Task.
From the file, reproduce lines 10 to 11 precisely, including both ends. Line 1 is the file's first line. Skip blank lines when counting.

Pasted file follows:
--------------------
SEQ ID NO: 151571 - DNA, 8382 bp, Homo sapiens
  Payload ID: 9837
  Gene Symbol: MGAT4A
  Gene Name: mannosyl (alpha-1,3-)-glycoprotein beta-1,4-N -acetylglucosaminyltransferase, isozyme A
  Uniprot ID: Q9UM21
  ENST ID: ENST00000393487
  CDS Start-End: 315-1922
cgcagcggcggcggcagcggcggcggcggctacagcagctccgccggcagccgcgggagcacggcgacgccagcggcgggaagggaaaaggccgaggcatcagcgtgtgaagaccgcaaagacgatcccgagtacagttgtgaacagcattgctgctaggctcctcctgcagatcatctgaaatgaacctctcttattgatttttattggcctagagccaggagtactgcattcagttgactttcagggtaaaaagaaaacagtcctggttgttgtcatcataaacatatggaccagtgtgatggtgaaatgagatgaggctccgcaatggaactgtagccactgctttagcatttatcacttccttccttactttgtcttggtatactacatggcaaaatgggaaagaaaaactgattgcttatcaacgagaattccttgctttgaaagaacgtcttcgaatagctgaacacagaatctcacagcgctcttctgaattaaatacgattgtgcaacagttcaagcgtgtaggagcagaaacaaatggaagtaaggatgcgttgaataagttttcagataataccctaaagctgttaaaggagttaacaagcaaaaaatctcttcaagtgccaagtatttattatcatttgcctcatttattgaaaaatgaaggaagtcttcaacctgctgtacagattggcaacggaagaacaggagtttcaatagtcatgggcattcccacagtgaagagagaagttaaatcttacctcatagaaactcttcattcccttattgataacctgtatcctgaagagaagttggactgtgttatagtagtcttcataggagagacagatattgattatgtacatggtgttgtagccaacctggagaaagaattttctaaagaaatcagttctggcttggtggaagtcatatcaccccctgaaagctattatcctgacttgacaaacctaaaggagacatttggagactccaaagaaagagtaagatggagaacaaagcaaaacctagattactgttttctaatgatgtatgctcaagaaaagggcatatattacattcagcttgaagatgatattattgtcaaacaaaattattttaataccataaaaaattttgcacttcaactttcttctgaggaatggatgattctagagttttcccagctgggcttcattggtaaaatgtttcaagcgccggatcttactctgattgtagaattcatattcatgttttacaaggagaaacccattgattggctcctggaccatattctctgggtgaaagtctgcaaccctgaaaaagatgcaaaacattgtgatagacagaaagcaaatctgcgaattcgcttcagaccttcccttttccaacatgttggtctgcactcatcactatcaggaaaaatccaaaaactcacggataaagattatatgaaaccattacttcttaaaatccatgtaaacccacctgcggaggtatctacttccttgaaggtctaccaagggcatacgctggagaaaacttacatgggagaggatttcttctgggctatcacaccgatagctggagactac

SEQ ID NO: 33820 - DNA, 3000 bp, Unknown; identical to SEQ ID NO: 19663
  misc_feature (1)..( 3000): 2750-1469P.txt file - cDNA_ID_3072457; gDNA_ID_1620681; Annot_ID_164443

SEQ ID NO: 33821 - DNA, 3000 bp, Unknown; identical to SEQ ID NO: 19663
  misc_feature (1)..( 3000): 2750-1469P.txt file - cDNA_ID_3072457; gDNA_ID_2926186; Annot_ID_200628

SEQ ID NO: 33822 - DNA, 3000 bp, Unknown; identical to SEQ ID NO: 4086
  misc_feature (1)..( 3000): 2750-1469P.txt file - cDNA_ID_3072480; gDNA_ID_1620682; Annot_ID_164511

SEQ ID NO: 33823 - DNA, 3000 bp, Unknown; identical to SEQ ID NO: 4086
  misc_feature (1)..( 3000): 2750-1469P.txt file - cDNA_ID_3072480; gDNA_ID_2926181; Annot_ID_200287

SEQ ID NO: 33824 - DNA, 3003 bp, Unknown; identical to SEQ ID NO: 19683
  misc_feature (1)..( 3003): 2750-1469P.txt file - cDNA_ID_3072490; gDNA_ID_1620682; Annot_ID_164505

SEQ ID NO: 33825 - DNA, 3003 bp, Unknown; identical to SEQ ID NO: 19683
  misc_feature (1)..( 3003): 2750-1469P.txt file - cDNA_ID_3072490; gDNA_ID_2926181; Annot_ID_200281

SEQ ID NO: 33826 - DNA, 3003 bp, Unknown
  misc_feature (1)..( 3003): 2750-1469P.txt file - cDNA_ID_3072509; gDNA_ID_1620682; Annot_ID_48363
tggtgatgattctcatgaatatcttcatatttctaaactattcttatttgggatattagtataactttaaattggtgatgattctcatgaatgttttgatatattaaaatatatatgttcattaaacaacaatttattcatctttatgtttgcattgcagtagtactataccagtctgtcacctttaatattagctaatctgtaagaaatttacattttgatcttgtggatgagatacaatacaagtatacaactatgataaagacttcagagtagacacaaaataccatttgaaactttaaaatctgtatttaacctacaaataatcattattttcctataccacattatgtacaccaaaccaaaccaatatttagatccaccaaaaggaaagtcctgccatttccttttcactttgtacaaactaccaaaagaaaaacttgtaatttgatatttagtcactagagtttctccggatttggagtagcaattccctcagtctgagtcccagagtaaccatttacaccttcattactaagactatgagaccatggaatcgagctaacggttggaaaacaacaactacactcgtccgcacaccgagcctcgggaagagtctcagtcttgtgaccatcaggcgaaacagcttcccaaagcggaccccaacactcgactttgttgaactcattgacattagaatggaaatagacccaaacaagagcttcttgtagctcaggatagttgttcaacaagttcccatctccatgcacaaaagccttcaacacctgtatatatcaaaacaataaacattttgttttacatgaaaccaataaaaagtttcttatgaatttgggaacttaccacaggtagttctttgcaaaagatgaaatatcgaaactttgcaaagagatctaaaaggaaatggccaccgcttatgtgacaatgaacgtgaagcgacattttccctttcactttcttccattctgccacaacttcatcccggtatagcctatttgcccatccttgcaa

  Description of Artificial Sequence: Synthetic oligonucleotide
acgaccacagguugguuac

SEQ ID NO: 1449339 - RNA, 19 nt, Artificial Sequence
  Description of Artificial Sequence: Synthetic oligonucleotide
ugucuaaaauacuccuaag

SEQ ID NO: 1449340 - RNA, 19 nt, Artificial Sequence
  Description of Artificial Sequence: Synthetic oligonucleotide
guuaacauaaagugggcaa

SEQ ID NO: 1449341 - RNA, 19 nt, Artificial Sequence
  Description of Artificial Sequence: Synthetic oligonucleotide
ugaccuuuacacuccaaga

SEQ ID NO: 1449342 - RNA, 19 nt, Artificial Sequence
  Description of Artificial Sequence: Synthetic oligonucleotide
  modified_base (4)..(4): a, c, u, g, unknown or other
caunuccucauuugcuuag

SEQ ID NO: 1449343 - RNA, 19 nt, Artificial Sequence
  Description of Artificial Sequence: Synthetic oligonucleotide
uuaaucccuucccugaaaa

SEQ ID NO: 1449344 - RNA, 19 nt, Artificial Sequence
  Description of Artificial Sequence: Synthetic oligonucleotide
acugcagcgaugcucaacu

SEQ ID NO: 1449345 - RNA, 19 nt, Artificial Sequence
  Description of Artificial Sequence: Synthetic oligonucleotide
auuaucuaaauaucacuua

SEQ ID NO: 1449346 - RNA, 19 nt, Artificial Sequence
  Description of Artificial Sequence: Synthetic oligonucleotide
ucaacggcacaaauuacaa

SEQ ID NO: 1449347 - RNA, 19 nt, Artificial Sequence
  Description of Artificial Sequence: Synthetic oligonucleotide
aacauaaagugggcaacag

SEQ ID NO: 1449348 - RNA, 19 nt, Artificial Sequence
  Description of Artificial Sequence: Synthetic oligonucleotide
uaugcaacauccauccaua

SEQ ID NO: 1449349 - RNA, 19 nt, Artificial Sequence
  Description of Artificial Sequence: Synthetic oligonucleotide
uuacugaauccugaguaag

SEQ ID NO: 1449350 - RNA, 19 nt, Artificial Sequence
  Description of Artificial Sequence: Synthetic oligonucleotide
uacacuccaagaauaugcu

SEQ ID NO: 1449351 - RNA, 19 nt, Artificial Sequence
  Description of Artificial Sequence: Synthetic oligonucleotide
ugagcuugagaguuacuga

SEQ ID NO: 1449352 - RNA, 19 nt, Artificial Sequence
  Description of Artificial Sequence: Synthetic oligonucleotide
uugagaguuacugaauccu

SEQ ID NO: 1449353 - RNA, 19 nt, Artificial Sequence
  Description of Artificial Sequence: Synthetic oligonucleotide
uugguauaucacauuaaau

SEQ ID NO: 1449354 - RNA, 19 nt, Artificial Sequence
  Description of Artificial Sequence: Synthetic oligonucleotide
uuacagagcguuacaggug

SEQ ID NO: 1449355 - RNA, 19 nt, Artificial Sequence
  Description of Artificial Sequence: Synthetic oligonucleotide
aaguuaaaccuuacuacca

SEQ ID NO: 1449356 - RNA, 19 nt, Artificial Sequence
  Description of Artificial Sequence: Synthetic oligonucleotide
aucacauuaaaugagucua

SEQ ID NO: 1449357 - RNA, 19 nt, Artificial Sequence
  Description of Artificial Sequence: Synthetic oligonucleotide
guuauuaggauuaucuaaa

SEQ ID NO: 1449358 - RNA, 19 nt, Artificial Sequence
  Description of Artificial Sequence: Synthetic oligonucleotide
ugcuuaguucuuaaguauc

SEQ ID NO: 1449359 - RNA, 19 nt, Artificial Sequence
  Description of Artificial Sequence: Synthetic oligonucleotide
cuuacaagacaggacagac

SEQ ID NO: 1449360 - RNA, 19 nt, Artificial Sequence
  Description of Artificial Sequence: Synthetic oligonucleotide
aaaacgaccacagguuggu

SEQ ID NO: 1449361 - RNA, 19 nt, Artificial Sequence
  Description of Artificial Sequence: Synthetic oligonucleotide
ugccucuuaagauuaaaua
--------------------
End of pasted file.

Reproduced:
  misc_feature (1)..( 3000): 2750-1469P.txt file - cDNA_ID_3072457; gDNA_ID_1620681; Annot_ID_164443

SEQ ID NO: 33821 - DNA, 3000 bp, Unknown; identical to SEQ ID NO: 19663